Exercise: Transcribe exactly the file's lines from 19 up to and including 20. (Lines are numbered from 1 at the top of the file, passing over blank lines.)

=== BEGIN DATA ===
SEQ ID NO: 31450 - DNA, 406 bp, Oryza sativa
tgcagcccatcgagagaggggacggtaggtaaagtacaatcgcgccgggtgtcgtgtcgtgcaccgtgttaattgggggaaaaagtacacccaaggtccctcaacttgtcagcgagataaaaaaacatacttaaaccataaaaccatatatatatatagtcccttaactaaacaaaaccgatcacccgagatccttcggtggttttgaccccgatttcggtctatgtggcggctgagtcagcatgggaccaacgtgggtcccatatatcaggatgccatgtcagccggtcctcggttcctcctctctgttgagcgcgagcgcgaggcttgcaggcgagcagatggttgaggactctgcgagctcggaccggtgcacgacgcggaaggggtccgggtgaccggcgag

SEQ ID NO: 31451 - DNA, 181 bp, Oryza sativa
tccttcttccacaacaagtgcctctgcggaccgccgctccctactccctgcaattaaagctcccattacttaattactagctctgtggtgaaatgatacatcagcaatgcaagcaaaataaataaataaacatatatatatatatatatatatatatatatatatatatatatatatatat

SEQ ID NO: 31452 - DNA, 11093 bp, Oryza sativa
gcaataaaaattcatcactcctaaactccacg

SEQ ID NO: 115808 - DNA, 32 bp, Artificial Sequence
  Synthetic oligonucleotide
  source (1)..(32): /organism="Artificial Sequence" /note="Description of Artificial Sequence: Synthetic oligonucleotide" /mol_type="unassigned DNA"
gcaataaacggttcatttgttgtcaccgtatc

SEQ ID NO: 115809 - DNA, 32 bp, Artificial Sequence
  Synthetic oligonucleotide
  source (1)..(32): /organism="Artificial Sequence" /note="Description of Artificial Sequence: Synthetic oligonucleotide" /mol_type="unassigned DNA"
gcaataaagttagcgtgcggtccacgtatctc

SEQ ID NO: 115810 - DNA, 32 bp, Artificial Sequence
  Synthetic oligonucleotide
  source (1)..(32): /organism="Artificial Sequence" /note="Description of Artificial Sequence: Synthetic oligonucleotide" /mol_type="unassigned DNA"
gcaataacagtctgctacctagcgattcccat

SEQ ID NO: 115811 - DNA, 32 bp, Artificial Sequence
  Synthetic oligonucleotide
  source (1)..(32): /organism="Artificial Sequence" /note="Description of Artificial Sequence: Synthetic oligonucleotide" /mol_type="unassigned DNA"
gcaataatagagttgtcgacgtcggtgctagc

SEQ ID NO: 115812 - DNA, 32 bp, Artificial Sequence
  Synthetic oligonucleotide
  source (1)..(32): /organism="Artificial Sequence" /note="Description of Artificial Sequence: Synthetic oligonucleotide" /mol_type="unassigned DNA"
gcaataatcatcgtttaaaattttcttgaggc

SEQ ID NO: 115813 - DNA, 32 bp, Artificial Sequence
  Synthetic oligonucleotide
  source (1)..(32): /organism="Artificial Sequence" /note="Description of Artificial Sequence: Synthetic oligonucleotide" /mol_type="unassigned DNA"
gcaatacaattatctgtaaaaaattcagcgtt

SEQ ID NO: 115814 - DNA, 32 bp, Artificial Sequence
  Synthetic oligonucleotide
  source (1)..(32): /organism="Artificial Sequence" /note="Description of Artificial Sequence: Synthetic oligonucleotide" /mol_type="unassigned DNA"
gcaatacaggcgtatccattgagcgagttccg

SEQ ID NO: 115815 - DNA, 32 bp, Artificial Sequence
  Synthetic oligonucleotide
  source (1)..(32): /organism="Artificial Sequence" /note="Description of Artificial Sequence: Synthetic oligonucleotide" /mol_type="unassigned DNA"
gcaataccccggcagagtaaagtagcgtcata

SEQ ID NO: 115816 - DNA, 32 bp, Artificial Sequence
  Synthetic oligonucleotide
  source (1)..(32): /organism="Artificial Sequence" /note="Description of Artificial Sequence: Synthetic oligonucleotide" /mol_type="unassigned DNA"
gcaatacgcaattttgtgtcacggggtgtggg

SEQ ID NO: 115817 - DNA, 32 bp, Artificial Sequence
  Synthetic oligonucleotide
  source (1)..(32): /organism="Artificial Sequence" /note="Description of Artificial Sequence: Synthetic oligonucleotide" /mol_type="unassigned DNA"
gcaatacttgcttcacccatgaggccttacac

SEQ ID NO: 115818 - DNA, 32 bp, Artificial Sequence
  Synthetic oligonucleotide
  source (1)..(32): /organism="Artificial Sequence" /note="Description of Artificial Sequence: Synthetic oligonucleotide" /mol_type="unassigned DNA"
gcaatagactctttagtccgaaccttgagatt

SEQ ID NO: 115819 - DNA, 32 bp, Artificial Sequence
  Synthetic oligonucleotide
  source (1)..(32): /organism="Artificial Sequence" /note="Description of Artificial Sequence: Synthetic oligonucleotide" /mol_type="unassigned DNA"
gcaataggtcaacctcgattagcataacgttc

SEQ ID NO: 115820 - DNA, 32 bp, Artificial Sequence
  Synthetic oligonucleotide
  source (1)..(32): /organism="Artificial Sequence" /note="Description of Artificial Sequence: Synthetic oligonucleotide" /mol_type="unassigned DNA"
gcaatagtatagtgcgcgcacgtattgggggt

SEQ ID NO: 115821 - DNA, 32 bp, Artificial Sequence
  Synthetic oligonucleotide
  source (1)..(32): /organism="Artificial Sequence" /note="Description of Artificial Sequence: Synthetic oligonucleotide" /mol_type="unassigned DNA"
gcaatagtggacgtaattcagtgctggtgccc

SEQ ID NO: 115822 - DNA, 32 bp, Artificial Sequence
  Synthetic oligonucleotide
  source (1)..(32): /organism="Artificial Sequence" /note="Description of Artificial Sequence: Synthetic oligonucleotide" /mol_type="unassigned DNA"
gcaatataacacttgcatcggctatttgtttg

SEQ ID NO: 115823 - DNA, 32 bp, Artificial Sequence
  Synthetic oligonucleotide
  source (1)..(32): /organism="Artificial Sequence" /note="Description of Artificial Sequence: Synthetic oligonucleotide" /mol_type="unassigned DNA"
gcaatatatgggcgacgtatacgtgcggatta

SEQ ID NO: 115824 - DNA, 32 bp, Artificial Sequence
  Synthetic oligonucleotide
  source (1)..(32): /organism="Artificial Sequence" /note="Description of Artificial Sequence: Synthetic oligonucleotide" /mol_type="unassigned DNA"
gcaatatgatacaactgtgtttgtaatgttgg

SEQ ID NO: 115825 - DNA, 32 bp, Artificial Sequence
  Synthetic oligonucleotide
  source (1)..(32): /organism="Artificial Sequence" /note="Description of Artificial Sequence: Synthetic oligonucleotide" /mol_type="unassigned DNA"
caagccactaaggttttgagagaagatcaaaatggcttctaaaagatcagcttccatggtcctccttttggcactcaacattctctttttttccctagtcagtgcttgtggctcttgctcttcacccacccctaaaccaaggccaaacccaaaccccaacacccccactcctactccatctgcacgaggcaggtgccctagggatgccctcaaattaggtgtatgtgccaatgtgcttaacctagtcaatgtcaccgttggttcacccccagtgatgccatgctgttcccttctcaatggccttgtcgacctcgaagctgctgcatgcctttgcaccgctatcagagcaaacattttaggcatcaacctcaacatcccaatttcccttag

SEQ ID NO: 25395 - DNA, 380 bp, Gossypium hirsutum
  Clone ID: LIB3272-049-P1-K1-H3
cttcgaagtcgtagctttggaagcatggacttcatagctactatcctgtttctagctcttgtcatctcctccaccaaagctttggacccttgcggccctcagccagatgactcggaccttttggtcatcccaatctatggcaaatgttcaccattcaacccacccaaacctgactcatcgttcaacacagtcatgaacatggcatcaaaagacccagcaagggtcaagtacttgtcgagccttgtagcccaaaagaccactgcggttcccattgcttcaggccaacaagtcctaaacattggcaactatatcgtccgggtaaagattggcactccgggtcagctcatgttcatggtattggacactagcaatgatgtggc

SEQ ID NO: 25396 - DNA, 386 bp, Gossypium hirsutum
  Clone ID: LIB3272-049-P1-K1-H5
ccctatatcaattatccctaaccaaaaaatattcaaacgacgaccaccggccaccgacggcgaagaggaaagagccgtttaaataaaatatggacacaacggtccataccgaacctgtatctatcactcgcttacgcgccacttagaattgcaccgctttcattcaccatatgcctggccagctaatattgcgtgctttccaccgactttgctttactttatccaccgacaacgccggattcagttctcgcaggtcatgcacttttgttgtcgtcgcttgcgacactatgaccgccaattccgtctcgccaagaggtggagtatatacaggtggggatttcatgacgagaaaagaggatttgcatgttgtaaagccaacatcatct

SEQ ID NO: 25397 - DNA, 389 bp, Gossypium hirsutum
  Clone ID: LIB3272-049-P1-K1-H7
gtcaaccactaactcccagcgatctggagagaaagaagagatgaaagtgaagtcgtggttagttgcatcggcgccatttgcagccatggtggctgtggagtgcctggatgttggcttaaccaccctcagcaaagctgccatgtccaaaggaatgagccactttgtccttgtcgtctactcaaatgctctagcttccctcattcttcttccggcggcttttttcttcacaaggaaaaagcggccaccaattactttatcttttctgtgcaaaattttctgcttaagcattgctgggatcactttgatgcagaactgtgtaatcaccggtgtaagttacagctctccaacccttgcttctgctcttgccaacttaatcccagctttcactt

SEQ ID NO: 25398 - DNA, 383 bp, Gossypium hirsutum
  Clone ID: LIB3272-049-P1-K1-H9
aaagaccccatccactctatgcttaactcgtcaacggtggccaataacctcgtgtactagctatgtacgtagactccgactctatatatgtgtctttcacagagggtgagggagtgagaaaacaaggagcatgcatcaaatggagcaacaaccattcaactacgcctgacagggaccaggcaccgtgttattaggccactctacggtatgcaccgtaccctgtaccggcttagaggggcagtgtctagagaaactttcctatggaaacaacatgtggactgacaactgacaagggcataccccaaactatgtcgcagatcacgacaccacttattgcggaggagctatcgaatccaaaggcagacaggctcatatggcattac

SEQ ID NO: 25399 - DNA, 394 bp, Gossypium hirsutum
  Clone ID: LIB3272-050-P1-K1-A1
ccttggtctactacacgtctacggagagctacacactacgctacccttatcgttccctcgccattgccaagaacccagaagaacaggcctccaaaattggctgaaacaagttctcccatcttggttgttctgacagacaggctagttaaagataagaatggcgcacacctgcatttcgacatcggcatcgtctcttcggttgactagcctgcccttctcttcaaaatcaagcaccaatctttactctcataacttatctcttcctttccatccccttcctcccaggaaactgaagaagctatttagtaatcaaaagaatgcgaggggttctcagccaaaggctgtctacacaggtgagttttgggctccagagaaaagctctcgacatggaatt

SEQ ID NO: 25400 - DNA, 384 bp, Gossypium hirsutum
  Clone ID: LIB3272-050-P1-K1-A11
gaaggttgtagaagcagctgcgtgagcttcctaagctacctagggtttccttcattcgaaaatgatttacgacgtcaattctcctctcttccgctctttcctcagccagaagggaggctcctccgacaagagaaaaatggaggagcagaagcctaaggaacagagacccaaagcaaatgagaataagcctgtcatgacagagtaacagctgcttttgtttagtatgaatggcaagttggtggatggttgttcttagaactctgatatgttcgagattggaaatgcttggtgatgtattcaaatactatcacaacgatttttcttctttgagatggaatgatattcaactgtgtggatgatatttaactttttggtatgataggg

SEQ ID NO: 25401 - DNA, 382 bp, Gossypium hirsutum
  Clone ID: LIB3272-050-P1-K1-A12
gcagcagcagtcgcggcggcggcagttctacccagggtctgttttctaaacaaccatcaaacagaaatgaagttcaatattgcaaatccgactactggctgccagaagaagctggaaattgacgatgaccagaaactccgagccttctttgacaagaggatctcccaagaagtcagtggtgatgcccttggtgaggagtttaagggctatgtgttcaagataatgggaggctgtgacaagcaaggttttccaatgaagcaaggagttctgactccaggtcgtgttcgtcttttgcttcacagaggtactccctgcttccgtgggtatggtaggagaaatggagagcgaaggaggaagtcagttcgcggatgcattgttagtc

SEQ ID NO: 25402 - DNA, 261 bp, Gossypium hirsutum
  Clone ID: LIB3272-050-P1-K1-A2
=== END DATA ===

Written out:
SEQ ID NO: 115811 - DNA, 32 bp, Artificial Sequence
  Synthetic oligonucleotide